Froude to Thoreau
The Academy, 11 March 1899
A Still-Born Book
Some Unpublished Letters of Henry D. and Sophia E. Thoreau: a Chapter in the History of a Still-Born Book is the title of a handsomely-printed volume of which a small edition (150 copies) has just been issued by the Marion Press, Jamaica, Queensborough, New York, under the editorship of Dr. Samuel A. Jones, who by his bibliography and other services has earned the gratitude of Thoreau students. The “still-born book” is the first edition of the now famous Week on the Concord River, the bulk of which, some 700 copies, were returned by the publisher as unsaleable, and were stacked by Thoreau in the attic of his father’s house at Concord, as described by him in a characteristic passage: “I have now a library of nearly nine hundred volumes, over seven hundred of which I wrote myself.” A copy of this edition, as Dr. Jones tells us, “now finds warm welcome to the selected of private libraries at eighteen dollars.”
It was a desire to obtain a copy of the despised and rejected Week that brought a Michigan reader into correspondence with Thoreau in 1856; and it is Thoreau’s letters to his western admirer that are now printed for the first time, set in the framework of a racy editorial comment which, unlike most efforts of that sort, greatly enhances the effect. The letters, which are six in number, and date from 1856 to 1859, are of no special significance, but throw an interesting side-light on the character of the writer—the indomitable spirit of simplicity and self-reliance that speaks through all his works. Here is a brief sentence: “I shall consider it a greater success to interest one wise and earnest soul than a million unwise and frivolous.”
Dr. Jones’s volume is mainly of the esoteric order, and appeals rather to the special class of Thoreau students than to the general reader; it contains, however, one hitherto unpublished letter from Froude to Thoreau which is of wider interest. It appears that Thoreau, who was known to Froude through Emerson, had sent him a copy of the Week, in acknowledgment of which the author of The Nemesis of Faith, then lately published, replied as follows:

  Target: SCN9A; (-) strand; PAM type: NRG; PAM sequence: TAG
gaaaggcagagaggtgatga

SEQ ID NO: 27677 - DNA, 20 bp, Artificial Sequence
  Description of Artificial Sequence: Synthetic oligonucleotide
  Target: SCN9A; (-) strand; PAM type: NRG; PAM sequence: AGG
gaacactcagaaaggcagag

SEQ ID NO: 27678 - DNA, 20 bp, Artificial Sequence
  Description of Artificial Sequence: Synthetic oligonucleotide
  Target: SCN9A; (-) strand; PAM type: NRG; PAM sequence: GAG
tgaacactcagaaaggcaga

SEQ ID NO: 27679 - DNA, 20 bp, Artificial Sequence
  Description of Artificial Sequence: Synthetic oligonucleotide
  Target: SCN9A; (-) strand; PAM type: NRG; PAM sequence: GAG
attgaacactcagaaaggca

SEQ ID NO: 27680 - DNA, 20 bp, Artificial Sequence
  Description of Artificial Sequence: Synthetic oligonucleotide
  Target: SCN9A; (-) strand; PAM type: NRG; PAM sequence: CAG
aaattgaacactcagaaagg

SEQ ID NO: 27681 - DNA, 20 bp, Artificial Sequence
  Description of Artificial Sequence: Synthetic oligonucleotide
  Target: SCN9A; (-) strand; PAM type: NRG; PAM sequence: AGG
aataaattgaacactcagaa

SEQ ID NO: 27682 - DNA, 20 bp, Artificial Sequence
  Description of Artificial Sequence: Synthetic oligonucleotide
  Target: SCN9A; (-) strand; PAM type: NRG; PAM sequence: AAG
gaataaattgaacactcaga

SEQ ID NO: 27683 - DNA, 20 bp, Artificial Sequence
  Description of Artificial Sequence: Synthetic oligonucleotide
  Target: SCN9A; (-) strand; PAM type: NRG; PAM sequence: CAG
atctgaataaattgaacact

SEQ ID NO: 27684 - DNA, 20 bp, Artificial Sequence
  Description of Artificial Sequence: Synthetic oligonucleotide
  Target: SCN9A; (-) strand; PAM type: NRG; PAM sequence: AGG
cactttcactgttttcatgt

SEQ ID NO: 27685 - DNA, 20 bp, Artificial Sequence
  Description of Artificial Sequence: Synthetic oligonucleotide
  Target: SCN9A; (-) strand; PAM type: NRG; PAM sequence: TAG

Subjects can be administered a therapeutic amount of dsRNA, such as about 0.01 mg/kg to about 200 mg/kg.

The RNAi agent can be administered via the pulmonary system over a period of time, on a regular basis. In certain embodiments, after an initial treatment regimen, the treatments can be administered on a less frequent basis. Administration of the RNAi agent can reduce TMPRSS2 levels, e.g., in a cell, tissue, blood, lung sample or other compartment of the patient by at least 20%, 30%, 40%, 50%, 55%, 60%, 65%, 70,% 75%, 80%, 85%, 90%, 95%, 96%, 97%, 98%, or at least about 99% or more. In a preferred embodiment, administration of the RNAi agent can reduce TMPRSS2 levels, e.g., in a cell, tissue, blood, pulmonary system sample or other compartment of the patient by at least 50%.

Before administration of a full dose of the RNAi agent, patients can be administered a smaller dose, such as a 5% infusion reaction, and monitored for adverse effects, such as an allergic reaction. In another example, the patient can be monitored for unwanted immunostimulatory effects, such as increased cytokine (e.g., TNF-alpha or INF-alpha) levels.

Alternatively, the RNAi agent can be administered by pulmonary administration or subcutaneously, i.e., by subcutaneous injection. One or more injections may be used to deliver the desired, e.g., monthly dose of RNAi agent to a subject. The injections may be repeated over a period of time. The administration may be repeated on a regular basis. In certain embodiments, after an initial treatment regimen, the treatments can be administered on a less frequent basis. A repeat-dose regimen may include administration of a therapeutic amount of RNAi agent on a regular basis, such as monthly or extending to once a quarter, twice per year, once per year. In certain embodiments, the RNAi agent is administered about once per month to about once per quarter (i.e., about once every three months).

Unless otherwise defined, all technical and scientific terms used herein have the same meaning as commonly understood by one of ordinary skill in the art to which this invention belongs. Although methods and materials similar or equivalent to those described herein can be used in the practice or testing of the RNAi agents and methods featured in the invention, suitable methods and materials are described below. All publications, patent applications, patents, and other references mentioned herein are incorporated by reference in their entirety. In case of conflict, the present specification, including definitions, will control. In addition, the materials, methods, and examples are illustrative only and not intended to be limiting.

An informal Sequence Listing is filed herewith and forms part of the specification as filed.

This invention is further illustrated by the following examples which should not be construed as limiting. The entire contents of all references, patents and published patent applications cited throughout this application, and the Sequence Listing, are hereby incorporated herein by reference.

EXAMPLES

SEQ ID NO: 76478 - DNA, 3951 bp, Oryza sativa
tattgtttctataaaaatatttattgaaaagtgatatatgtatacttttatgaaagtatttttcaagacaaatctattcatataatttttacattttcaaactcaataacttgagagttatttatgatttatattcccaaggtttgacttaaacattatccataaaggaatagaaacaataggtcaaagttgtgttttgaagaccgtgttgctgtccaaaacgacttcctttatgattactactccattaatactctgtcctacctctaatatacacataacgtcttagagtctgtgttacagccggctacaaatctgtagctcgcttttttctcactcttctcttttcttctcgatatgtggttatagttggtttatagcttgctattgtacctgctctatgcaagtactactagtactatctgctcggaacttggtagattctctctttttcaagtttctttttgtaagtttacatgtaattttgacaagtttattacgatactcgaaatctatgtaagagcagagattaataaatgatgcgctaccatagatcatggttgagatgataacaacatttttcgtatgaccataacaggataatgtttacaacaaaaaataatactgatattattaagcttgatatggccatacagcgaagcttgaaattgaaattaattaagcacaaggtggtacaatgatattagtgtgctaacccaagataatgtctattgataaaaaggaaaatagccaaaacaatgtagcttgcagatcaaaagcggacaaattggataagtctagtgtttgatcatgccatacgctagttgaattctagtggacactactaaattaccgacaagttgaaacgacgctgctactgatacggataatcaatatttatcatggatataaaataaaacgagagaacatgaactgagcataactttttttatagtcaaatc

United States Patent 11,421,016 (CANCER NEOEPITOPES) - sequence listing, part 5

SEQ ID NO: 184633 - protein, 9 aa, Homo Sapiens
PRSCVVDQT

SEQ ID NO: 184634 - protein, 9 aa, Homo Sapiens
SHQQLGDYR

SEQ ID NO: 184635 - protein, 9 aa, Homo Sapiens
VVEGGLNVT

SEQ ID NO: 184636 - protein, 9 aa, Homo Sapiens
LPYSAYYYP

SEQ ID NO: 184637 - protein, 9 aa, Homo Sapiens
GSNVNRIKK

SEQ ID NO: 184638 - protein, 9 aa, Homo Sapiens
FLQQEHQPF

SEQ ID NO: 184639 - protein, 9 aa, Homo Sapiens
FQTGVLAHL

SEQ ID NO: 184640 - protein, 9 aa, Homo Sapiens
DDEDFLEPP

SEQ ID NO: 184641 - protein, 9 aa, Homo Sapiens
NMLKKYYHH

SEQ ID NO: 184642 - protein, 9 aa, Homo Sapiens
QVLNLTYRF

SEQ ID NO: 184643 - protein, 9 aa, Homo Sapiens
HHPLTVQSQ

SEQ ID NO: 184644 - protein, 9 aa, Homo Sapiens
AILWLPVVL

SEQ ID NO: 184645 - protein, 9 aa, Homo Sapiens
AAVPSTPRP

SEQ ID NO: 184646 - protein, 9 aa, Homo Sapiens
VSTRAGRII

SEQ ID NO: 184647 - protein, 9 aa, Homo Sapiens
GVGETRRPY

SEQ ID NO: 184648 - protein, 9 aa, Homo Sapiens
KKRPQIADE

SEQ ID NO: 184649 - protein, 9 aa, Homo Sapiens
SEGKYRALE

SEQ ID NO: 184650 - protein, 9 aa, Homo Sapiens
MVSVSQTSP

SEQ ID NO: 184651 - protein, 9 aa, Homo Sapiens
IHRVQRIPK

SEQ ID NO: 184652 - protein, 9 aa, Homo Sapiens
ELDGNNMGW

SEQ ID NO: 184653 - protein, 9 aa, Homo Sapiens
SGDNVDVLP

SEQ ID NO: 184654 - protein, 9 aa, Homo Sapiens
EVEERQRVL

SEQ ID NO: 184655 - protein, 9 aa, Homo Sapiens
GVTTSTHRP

Manchester, September 3, 1849.
Dear Mr. Thoreau,—I have long intended to write to you, to thank you for that noble expression of yourself you were good enough to send me. I know not why I have not done so, except from a foolish sense that I should not write until I thought of something to say that it should be worth your while to read. What can I say to you except express the honour and the love I feel for you – an honour and a love which Emerson taught me long ago to feel, but which I feel now “not on account of his word, but because I myself have read and know you.”
When I think of what you are—of what you have done as well as what you have written—I have the right to tell you that there is no man living upon this earth at present whose friendship or whose notice I value more than yours.
What are these words! Yet I wished to say something—and I must use words, though they serve but seldom in these days for much but lies.
In your book and in one other from your side of the Atlantic, Margaret, I see hope for the coming world; all else which I have found true in any of our thinkers (or even yours) is their flat denial of what is false in the modern popular jargon; but for their positive affirming side they do but fling us back upon our own human nature to hold on by that with our own strength. A few men here and there do this, as the later Romans did; but mankind cannot, and I have gone near to despair. I am growing not to despair, and I thank you for a helping hand.
Well, I must see you some time or other. It is not such a great matter which these steam bridges. I wish to shake hands with you and look at brave men in the face. In the meantime I will but congratulate you on the age in which your work is cast: the world has never seen one more pregnant. God bless you!—Your friend (if you will let him call you so), J. A. FROUDE
Other interesting matter is to be found in the book – an entertaining glimpse, for example, of the whimsical Ellery Channing, easily recognised under the mask of “X. Y. Z.” The true and tender nature of Sophia Thoreau is shown from her letters; and the Appendix preserves a valuable record of “Two Visits to Concord, from an Old Diary” (presumably that of Thoreau’s Michigan correspondent), which gives a picture of Thoreau-land as seen, after the master’s death, by one of the earliest of its pilgrims. Of Thoreau’s literary circle there will soon remain but a memory. Both Harrison Blake and Daniel Ricketson—the “Mr. B.” And “Mr. D. R.” Of the Letters—have recently died, and Ellery Channing, still living in Concord at an advanced age, is now the sole survivor of Thoreau’s compeers.Henry S. Salt